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Final CBO Score Says Docs Face 10 Percent Payment Cut in 2008

By John Reichard, CQ HealthBeat Editor

January 2, 2007 -- Last year's lobbying blitz by doctors to avoid a 5 percent cut in 2007 Medicare payments managed to keep payments flat, but physicians now face a 10 percent cut in Medicare payments in 2008, according to a final scoring document released Dec. 28 by the Congressional Budget Office (CBO).

The tax, trade, and health care bill signed into law (PL 109-432) Dec. 20 by President Bush "specifies that payment rates will revert to the prior-law level in 2008," the CBO analysis noted. "Assuming that occurs, CBO estimates that payment rates for physician's services will be reduced by about 10 percent in 2008."

The legislation also provides for a "Physician Assistance and Quality Initiative Fund" that can be used to offset the 2008 cut. The fund places $1.35 billion under the control of the Department of Health and Human Services secretary for that purpose, but CBO did not say by how many percentage points the 2008 cut would be reduced if all of the funds are spent that year.

"Those funds will remain available until spent, but [the legislation] instructs the Secretary to obligate those funds for physicians' services furnished during calendar year 2008 to the maximum extent feasible," CBO noted. The law also requires the Medicare actuary to certify that the HHS secretary's plan for spending the funds will not result in expenditures that exceed the balance of the fund. CBO estimates that 90 percent of the fund will be spent in 2008 and the remaining funds in 2009.

The law also provides that doctors who report data on certain measures of the quality of the care they provide from July through December 2007 will be paid an added 1.5 percent for those services in the form of a lump sum amount to be paid in 2008. CBO estimates that about $300 million will be paid out under this provision and that those payments will go to doctors who account for about two-thirds of Medicare spending for doctor care.

The American Medical Association declined comment on the CBO analysis but referred to a Dec. 9 statement by AMA Board Chairman Cecil Wilson issued when Congress approved the legislation. Wilson said that had a 5 percent cut occurred, "nearly half of physicians told the AMA the cut would force them to limit the number of new Medicare patients into their practice."

Even taking the fund into account, the projected 2008 cut is likely to be considerably larger than 5 percent. "The time is long overdue to devise a sound financing system for the Medicare program so we can avoid this annual struggle to preserve seniors' access to care," Wilson said.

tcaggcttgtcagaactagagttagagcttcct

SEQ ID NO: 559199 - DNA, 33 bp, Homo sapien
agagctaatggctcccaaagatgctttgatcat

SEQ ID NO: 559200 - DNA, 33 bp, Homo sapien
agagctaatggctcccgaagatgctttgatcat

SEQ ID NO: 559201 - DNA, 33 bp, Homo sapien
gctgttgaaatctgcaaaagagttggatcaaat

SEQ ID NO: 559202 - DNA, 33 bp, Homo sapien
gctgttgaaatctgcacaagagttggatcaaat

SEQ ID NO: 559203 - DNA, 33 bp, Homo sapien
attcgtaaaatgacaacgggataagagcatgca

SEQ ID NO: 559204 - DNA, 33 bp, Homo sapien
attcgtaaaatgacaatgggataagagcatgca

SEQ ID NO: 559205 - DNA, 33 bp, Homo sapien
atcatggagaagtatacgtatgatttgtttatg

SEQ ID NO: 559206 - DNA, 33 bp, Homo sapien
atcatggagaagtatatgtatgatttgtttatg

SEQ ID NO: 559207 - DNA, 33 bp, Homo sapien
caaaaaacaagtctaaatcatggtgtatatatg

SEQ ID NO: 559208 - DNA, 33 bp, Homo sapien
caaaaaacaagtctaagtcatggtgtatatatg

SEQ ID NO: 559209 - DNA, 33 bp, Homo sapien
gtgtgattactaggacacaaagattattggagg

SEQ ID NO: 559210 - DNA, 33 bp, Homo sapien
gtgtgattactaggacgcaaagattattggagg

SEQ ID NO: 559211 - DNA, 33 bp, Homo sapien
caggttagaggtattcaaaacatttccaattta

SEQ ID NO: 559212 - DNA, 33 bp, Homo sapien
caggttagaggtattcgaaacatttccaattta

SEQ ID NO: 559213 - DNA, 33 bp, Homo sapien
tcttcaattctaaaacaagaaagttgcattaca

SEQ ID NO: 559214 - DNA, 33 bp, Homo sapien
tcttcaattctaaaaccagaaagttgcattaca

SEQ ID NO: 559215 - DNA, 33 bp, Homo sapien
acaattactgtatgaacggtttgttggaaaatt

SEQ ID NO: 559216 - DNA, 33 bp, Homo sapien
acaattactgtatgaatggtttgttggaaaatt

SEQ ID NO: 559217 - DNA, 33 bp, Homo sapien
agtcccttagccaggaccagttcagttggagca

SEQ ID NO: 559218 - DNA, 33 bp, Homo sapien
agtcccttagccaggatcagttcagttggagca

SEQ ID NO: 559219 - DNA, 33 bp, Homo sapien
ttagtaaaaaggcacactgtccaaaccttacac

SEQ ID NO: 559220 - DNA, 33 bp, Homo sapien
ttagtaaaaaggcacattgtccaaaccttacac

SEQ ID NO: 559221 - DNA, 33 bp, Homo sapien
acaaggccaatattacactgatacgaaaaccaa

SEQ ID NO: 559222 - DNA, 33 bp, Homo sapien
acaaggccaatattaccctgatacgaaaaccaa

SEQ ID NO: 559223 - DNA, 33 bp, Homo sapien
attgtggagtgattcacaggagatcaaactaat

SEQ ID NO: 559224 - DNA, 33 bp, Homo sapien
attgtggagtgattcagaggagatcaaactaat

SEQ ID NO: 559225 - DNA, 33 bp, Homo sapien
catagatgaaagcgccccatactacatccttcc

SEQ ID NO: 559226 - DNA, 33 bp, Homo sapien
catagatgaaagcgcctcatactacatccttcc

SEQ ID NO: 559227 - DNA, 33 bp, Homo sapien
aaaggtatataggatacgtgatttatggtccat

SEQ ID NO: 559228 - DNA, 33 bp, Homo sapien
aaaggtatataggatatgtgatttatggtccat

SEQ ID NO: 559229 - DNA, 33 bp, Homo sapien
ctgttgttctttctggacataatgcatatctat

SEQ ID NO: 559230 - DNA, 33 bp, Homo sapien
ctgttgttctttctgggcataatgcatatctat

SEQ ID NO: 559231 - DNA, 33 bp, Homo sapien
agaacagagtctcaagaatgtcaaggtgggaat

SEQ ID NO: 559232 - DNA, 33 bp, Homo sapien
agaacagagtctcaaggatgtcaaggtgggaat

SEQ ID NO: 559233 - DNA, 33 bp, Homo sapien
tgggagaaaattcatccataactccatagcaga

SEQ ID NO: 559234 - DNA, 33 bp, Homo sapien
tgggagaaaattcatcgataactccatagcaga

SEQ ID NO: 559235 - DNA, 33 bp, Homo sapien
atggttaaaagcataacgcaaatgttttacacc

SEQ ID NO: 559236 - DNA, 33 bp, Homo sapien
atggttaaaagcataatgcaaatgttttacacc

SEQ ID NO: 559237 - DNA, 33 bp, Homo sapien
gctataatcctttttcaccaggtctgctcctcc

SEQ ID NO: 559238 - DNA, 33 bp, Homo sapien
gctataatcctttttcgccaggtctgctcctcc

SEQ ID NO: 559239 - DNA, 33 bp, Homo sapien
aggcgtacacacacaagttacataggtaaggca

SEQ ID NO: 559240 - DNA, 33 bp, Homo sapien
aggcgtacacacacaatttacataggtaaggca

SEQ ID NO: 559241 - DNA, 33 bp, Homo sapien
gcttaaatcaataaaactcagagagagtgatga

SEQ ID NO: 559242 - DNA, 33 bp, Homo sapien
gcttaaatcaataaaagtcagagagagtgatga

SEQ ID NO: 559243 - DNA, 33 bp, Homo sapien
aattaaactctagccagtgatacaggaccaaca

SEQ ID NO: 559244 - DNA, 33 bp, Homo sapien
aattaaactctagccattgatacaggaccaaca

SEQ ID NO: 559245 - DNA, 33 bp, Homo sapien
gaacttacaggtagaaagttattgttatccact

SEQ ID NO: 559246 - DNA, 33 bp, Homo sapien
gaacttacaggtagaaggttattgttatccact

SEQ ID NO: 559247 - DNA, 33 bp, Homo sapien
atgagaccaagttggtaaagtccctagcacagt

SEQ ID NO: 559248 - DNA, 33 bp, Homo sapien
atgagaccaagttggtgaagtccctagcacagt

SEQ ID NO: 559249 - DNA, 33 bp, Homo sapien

CBO's final scoring estimates that Medicare spending will rise $500 million in 2007–2008 for a separate doctor payment provision that sets a floor on geographic adjustments for labor costs. A provision increasing Medicare payments to dialysis facilities 1.6 percent starting April 1 will increase Medicare spending $400 million in 2007–2011 and $1.1 billion over the 2007–2016 period.

A provision allowing exceptions to a $1,780 cap on annual spending for therapy services if medically necessary will increase Medicare spending $400 million in 2007, the CBO document estimated. The provision extends the exceptions process by one year.

Part B of Medicare, which deals with care outside of inpatient hospital departments, has covered the cost of administering a vaccine when the cost of the vaccine itself is covered by that part of the program. But the cost of administering vaccines covered by Part D of Medicare, the new drug benefit, has not been covered. An example of the latter is Merck's new vaccine to prevent shingles. The new law requires Part B to cover the cost of administering those vaccines in 2007 and requires Part D plans themselves to pick up those costs starting in 2008.The 10-year cost of the provision is estimated to be $800 million.

The new legislation also allows HHS to contract with private parties called "recovery audit contractors" to spot incorrect Medicare payments to providers. CBO estimates that payments to these contractors and associated management costs will total $4.4 billion over the period 2007–2016. Gross savings from these audits would be four times these amounts and could exceed $17 billion over 10 years, CBO said. But the office said it is not permitted to formally score these amounts as savings for the purpose of totaling up the overall cost of the legislation.

CBO said new limits on the use of a $10 billion stabilization fund to attract regional managed care plans to Medicare will reduce spending by $6.5 billion over 10 years.

Tax breaks for new provisions to encourage health savings accounts will reduce federal revenues by $1 billion over 10 years. The provisions allow taxpayers starting an HSA partway through a year to contribute up to the full annual limit. They also permit employees to open an HSA by making a one-time transfer from a flexible spending account. And they repeal the limit on contributions to HSAs equal to the annual deductible under a high-deductible insurance policy.

The analysis also estimates that extending for six months a requirement that states provide Medicaid coverage to certain people coming off welfare will add $348 million to federal Medicaid spending in 2007–2011, while new limits on the use by states of provider taxes to obtain more federal Medicaid funds will reduce federal Medicaid spending by $260 million in 2008–2011.

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